It was a brutal week for Donald Trump, who was upstaged at the G-20 assembly of world leaders in Buenos Aires, a would-be superstar who was adrift in a sea of confusion and bad news.

I caught a glimpse of him in the small crowd as Vladimir Putin and Crown Prince Mohammed bin Salman gleefully bonded in front of the global cameras like uniting fraternity brothers. But our guy was outvoted 19-1 on climate change and didn’t appear to be taken seriously about anything.

When it was time to go home he was seen tramping around the others as though his next step would be the loneliest one.

Back home, there was GM announcing plant closings that would sever the jobs of more than 1400 workers in Lordstown alone – which he quickly explained was the fault of Democrat Sen. Sherrod Brown – while he assured everyone that the giant company would build a new one.

He had again dismissed critics of his climate change denial as though he was trying to convince us that he could catch a snowflake on his tongue.

His trustworthy lawyer and fixer for a dozen years  Michael Cohen, was ready to bust out of President Svengali ’s mystical grip, thus forcing Trump to call Cohen “not very smart” and “weak” and demanding that Cohen is jailed.  The pokey is the final destination for people that Trump doesn’t like.

There was a continuing humanitarian mess on the southern border, deceptive trade talks with China and his offer to Putin of a $50 million penthouse in a proposed Moscow skyscraper as well… a bribe by one billionaire to another.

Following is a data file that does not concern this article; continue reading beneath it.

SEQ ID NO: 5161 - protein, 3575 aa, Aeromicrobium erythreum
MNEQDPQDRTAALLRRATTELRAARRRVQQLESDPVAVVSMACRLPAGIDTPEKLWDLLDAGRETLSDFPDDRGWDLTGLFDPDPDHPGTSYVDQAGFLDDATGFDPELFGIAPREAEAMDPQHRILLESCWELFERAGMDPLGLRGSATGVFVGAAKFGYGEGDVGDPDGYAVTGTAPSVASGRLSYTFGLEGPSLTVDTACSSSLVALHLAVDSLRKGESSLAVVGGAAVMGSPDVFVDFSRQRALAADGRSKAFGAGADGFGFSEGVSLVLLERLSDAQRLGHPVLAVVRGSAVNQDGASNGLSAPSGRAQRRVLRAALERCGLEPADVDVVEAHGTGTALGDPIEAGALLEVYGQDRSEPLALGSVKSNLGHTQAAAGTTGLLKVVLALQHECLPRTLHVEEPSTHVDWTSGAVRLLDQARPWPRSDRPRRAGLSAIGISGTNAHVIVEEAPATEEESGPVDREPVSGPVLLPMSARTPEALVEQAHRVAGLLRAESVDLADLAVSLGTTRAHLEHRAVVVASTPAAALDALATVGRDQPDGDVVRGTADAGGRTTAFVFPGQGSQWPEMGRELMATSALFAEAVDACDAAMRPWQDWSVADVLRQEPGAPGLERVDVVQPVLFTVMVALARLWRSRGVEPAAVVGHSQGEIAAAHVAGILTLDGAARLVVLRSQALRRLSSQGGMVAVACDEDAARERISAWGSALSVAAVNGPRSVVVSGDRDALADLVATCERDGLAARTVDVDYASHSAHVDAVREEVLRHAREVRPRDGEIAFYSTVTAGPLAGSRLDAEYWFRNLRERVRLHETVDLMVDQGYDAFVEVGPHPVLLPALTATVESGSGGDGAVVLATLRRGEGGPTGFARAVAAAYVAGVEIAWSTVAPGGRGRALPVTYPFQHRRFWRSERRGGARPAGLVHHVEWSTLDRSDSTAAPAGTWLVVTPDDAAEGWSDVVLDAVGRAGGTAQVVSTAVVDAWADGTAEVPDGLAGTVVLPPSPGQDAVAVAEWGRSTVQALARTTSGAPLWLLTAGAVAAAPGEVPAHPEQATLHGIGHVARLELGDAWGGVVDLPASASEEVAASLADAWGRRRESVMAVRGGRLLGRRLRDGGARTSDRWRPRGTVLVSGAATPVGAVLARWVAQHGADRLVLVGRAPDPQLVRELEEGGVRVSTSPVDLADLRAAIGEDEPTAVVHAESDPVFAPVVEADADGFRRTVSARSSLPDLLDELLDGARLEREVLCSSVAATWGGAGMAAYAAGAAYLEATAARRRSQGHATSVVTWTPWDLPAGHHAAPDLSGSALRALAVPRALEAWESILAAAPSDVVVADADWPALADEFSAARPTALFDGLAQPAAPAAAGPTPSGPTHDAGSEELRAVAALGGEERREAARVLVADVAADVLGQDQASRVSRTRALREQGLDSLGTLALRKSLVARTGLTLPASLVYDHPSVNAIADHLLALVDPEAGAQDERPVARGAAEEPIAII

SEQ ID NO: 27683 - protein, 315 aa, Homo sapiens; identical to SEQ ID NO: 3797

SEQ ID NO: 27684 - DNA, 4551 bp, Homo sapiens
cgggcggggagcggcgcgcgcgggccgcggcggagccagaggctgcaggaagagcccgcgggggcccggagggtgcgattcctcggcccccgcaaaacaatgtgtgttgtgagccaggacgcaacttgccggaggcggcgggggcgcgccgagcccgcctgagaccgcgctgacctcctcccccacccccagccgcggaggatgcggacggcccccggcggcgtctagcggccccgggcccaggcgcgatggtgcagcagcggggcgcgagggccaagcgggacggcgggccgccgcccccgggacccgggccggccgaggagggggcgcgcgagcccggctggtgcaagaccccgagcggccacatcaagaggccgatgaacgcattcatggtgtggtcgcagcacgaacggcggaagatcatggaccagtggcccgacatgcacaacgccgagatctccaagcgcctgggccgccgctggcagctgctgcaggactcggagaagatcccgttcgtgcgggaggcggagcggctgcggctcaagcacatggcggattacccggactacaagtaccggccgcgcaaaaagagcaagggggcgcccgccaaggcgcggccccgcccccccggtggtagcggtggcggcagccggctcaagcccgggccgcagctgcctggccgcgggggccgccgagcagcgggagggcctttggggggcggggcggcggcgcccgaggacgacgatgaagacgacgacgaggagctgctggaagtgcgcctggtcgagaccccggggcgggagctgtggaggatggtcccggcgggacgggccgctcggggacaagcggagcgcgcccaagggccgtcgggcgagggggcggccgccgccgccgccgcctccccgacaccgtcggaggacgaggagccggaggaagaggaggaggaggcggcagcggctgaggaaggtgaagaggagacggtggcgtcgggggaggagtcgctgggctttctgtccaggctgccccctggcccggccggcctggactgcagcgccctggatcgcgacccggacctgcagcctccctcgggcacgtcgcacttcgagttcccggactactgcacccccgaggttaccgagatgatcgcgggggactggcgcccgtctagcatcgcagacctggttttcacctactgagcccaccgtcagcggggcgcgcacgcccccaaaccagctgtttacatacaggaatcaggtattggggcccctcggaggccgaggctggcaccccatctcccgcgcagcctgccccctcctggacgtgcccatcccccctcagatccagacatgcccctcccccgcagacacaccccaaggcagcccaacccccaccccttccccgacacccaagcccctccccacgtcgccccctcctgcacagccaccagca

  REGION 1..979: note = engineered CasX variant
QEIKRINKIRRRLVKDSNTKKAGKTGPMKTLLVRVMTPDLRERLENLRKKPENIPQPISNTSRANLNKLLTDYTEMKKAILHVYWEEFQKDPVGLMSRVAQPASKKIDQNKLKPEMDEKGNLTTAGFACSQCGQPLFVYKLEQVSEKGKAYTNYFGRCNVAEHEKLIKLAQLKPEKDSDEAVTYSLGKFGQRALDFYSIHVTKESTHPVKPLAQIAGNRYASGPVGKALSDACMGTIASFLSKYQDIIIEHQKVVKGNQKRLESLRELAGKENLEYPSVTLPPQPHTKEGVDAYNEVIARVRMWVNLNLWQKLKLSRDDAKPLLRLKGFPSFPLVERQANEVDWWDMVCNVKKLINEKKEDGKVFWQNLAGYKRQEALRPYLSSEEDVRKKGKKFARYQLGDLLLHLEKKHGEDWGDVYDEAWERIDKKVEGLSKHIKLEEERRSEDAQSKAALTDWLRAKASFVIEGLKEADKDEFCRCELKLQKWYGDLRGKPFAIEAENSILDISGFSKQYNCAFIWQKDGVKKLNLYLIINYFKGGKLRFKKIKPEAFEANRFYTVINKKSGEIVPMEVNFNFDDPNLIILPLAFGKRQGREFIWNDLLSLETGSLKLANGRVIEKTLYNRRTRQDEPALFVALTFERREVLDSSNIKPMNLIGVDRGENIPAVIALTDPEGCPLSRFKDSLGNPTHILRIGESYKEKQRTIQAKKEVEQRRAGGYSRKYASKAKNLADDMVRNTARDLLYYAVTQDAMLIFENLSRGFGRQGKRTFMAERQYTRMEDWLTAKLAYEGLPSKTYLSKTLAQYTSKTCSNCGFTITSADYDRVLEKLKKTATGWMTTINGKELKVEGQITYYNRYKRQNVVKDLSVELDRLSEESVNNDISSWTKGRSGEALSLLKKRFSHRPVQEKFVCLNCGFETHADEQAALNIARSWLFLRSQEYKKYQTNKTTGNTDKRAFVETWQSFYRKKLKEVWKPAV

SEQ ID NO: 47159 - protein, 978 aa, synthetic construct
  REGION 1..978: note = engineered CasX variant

Team Trump’s corruption was being exposed by special counsel Robert Mueller’s relentless probe.  Finally, he returned home to bear the mournful praise of George H.W. Bush’s civility, honor, and gentle magnetism as a human being – all a breed apart from the unhinged guy in the Oval Office.

On the several occasions that I interviewed  Bush over the years, I was left with the impression that I could disagree with him at times while always aware that he was a decent fellow, as many others said and wrote as he lay in state.

I recall that at any moment during a meeting with him he might interrupt the conversation by asking how my mother was doing following the operation. Or some other friendly thing.

My only complaint was that after our first meeting he sent me a courteous note that misspelled my name.  But so, did a lot of other people in my business.

 

 

 

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